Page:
KENYA - A glut of black tea in Kenya is causing a drop in profits for the growers, a drop in revenue for the country, and the possibility that smallholders will uproot their tea bushes in favor for higher earning crops. Small-scale farmers who three years ago made good profits are now earning 40% less per kilo. With flowers and other horticultural products, tea is one of Kenya’s major export earners but tea prices have been under pressure globally and Kenya’s top grade teas which used to fetch $3.78-$4.38 per kg in 2012, are now selling at $2.10-$3.40 in the Mombasa auctions. Smallholders produce two thirds of Kenya’s tea but some have already switched to growing vegetables or to farming cattle.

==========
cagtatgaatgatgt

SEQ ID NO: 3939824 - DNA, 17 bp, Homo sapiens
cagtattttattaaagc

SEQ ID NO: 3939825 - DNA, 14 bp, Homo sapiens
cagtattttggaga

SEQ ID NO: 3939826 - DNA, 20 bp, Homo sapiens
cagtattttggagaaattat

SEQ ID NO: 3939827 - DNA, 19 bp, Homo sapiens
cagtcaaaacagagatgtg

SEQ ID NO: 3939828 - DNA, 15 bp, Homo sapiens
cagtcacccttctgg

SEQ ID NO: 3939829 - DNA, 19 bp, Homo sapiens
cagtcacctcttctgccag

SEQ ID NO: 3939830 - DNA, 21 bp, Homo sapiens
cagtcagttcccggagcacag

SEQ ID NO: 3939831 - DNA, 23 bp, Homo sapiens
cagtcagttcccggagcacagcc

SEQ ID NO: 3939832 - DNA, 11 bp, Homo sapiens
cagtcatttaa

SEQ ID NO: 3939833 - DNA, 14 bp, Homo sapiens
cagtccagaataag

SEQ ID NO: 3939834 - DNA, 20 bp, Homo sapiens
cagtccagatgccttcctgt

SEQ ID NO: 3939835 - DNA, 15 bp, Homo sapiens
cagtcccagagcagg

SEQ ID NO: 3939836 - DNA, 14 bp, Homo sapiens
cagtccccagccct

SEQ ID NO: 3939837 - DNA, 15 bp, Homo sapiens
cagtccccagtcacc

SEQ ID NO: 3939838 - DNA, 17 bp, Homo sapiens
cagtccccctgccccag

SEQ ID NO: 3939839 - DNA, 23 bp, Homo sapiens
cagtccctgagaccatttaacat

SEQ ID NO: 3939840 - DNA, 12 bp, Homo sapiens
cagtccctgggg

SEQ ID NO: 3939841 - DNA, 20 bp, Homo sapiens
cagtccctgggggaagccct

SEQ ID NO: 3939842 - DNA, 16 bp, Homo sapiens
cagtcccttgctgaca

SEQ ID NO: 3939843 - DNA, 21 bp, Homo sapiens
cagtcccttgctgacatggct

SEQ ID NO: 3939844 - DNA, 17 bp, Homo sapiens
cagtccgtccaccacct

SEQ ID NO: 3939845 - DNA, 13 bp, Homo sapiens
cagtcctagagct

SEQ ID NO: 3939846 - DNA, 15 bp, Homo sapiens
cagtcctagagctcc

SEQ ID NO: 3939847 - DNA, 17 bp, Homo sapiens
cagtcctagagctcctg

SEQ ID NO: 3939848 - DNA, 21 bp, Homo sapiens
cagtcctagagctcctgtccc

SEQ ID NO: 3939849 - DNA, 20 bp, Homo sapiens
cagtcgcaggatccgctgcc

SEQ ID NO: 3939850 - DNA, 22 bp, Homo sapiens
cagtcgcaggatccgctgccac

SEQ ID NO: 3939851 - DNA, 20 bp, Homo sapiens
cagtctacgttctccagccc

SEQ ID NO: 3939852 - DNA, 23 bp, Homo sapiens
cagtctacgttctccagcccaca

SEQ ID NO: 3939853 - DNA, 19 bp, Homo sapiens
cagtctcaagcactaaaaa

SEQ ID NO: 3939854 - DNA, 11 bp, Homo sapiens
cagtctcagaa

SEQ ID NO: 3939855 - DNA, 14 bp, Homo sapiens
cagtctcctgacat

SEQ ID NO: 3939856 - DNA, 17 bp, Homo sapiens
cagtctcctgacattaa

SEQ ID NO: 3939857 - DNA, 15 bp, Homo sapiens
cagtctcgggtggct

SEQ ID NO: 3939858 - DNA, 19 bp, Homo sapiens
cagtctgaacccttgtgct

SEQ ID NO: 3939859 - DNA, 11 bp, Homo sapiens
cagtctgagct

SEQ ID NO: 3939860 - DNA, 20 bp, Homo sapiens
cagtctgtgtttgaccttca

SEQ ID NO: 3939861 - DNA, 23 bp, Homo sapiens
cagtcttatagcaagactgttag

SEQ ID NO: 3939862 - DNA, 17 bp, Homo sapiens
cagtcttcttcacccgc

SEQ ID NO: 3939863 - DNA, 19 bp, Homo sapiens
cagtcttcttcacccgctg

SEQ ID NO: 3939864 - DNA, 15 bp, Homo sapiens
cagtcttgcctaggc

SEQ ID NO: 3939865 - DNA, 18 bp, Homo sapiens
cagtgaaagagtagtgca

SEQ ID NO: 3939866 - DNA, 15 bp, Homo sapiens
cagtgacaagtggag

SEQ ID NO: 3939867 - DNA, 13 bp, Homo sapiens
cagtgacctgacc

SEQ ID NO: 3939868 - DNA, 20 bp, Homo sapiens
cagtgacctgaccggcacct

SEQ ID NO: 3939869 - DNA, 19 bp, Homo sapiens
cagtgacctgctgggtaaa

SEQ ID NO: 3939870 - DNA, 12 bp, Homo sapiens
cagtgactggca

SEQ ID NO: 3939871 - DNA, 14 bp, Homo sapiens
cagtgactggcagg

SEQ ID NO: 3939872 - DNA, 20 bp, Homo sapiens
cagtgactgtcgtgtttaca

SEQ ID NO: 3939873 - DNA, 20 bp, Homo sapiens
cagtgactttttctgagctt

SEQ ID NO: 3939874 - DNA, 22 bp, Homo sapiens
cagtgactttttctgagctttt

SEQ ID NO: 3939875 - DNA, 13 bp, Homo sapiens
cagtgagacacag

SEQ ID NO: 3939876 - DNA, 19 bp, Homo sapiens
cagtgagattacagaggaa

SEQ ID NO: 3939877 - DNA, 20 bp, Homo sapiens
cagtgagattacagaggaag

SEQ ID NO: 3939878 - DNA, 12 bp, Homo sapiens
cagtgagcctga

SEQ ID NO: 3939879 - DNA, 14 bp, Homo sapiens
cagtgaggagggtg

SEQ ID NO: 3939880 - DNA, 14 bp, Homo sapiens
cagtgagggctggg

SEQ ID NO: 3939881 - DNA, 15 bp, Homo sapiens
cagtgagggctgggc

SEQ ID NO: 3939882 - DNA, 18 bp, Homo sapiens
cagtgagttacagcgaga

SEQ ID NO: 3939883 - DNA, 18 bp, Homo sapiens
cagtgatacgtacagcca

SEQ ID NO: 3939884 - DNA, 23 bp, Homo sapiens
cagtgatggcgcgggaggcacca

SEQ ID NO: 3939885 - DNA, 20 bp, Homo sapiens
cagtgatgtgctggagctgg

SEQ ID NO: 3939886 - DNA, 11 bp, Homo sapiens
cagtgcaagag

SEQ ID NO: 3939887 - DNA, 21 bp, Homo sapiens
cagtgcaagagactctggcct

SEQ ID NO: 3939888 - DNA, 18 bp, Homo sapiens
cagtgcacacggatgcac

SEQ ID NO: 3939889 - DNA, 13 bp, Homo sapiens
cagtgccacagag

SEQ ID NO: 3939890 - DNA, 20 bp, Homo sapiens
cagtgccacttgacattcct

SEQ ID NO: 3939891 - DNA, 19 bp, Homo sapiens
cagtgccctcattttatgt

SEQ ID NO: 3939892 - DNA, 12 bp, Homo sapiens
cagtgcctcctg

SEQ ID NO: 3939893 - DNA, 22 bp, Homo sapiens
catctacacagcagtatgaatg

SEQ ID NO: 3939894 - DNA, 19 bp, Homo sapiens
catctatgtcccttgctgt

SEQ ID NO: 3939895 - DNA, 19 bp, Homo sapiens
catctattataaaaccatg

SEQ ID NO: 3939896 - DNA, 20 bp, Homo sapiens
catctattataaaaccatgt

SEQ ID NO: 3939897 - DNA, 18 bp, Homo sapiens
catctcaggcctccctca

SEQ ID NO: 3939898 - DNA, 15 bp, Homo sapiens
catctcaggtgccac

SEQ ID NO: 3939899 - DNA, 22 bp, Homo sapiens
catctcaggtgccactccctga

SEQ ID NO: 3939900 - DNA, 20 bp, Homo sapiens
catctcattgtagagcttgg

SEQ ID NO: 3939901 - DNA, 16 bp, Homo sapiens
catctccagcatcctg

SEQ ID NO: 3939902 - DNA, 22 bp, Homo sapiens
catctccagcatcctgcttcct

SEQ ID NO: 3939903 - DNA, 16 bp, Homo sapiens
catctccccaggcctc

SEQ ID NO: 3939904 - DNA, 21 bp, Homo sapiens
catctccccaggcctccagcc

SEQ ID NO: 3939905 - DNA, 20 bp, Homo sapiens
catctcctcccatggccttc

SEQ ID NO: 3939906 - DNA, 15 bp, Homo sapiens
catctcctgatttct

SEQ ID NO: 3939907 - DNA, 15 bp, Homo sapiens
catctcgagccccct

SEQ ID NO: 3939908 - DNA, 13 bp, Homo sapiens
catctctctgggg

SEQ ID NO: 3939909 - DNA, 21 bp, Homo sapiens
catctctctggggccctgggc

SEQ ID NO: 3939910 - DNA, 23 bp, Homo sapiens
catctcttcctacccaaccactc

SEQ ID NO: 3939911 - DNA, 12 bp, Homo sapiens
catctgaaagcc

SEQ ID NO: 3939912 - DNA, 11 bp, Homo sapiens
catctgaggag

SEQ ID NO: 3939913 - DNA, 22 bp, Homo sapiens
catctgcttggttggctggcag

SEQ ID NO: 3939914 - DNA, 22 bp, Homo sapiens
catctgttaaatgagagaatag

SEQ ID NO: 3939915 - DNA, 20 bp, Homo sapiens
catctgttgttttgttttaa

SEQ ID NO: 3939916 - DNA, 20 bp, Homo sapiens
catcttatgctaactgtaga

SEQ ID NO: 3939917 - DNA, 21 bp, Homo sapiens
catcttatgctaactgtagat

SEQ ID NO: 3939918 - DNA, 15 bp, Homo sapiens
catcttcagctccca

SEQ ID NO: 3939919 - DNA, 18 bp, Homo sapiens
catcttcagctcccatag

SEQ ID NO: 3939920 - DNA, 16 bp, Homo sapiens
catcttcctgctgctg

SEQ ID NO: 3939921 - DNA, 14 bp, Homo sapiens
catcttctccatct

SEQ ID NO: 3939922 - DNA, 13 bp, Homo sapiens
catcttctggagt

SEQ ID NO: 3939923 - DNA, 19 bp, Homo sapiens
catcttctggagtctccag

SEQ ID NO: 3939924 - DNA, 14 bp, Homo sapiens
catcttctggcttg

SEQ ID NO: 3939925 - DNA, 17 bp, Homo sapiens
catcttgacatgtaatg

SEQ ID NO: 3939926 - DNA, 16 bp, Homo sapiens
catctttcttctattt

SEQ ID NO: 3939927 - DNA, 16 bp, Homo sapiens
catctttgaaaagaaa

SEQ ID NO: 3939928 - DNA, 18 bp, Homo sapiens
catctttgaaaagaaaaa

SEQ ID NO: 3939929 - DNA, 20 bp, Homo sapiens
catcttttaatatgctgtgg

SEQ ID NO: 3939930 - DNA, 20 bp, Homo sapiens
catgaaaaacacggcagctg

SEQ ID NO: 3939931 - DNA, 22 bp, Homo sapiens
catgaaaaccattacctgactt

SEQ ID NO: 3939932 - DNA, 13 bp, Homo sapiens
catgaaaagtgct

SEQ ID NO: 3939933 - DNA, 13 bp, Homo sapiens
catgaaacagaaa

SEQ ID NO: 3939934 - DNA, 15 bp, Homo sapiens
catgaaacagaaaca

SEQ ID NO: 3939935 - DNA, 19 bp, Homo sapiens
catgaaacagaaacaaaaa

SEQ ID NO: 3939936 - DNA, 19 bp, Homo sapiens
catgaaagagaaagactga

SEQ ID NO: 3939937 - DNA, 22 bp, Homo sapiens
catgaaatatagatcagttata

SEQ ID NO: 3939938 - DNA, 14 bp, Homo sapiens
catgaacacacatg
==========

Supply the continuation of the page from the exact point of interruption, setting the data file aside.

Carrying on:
Wilson Tuwei, chairman of cooperative Siret Tea Company, “We are telling our members to diversify.” Last month, agriculture minister Felix Koskei urged farmers to keep growing tea, telling them that the government is seeking new buyers in Eastern Europe and the Middle East, and has plans to set up a price stabilization fund, which would involve the state buying up some of Kenya’s tea when prices are low and selling it onto the global market once prices stabilize, to cushion farmers against fluctuations.